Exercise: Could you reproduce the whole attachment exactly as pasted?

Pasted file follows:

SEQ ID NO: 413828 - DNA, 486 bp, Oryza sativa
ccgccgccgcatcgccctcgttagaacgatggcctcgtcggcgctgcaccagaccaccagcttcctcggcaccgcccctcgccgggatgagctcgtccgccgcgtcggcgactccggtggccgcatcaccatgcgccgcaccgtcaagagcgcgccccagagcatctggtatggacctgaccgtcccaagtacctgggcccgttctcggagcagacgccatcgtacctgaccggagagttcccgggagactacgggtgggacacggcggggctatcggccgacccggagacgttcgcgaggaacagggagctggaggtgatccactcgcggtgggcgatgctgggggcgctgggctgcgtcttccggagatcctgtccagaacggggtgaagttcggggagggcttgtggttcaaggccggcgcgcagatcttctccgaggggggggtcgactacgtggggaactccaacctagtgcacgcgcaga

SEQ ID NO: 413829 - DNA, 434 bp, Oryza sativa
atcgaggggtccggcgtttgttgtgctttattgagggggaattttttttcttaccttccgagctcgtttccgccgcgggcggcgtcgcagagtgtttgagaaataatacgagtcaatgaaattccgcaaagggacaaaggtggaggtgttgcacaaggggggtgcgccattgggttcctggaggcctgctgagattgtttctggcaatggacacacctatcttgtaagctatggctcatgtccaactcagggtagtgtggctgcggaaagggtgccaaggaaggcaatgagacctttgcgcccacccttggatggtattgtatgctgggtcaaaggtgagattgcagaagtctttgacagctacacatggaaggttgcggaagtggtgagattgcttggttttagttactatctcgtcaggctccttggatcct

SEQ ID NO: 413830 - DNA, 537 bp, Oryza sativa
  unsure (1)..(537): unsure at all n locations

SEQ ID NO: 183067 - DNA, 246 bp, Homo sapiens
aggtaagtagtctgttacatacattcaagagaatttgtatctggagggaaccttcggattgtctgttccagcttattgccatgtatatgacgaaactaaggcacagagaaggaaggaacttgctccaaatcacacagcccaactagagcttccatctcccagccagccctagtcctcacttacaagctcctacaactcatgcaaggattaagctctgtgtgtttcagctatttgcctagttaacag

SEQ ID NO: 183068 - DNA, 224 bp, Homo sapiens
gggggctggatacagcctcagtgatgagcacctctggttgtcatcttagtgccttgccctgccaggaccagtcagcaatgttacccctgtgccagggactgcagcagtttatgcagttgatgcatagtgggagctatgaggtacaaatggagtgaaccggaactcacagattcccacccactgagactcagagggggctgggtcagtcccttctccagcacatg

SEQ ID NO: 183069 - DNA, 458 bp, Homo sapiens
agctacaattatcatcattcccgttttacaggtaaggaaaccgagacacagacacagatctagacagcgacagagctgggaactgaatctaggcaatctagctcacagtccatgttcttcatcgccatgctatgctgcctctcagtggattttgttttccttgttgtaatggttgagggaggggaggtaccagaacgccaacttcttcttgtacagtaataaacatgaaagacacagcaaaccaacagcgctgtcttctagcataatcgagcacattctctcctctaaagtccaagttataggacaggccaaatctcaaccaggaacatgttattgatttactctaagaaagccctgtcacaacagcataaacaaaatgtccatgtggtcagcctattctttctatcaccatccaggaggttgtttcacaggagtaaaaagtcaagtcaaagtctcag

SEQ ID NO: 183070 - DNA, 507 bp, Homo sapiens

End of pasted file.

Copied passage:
SEQ ID NO: 413828 - DNA, 486 bp, Oryza sativa
ccgccgccgcatcgccctcgttagaacgatggcctcgtcggcgctgcaccagaccaccagcttcctcggcaccgcccctcgccgggatgagctcgtccgccgcgtcggcgactccggtggccgcatcaccatgcgccgcaccgtcaagagcgcgccccagagcatctggtatggacctgaccgtcccaagtacctgggcccgttctcggagcagacgccatcgtacctgaccggagagttcccgggagactacgggtgggacacggcggggctatcggccgacccggagacgttcgcgaggaacagggagctggaggtgatccactcgcggtgggcgatgctgggggcgctgggctgcgtcttccggagatcctgtccagaacggggtgaagttcggggagggcttgtggttcaaggccggcgcgcagatcttctccgaggggggggtcgactacgtggggaactccaacctagtgcacgcgcaga

SEQ ID NO: 413829 - DNA, 434 bp, Oryza sativa
atcgaggggtccggcgtttgttgtgctttattgagggggaattttttttcttaccttccgagctcgtttccgccgcgggcggcgtcgcagagtgtttgagaaataatacgagtcaatgaaattccgcaaagggacaaaggtggaggtgttgcacaaggggggtgcgccattgggttcctggaggcctgctgagattgtttctggcaatggacacacctatcttgtaagctatggctcatgtccaactcagggtagtgtggctgcggaaagggtgccaaggaaggcaatgagacctttgcgcccacccttggatggtattgtatgctgggtcaaaggtgagattgcagaagtctttgacagctacacatggaaggttgcggaagtggtgagattgcttggttttagttactatctcgtcaggctccttggatcct

SEQ ID NO: 413830 - DNA, 537 bp, Oryza sativa
  unsure (1)..(537): unsure at all n locations

SEQ ID NO: 183067 - DNA, 246 bp, Homo sapiens
aggtaagtagtctgttacatacattcaagagaatttgtatctggagggaaccttcggattgtctgttccagcttattgccatgtatatgacgaaactaaggcacagagaaggaaggaacttgctccaaatcacacagcccaactagagcttccatctcccagccagccctagtcctcacttacaagctcctacaactcatgcaaggattaagctctgtgtgtttcagctatttgcctagttaacag

SEQ ID NO: 183068 - DNA, 224 bp, Homo sapiens
gggggctggatacagcctcagtgatgagcacctctggttgtcatcttagtgccttgccctgccaggaccagtcagcaatgttacccctgtgccagggactgcagcagtttatgcagttgatgcatagtgggagctatgaggtacaaatggagtgaaccggaactcacagattcccacccactgagactcagagggggctgggtcagtcccttctccagcacatg

SEQ ID NO: 183069 - DNA, 458 bp, Homo sapiens
agctacaattatcatcattcccgttttacaggtaaggaaaccgagacacagacacagatctagacagcgacagagctgggaactgaatctaggcaatctagctcacagtccatgttcttcatcgccatgctatgctgcctctcagtggattttgttttccttgttgtaatggttgagggaggggaggtaccagaacgccaacttcttcttgtacagtaataaacatgaaagacacagcaaaccaacagcgctgtcttctagcataatcgagcacattctctcctctaaagtccaagttataggacaggccaaatctcaaccaggaacatgttattgatttactctaagaaagccctgtcacaacagcataaacaaaatgtccatgtggtcagcctattctttctatcaccatccaggaggttgtttcacaggagtaaaaagtcaagtcaaagtctcag

SEQ ID NO: 183070 - DNA, 507 bp, Homo sapiens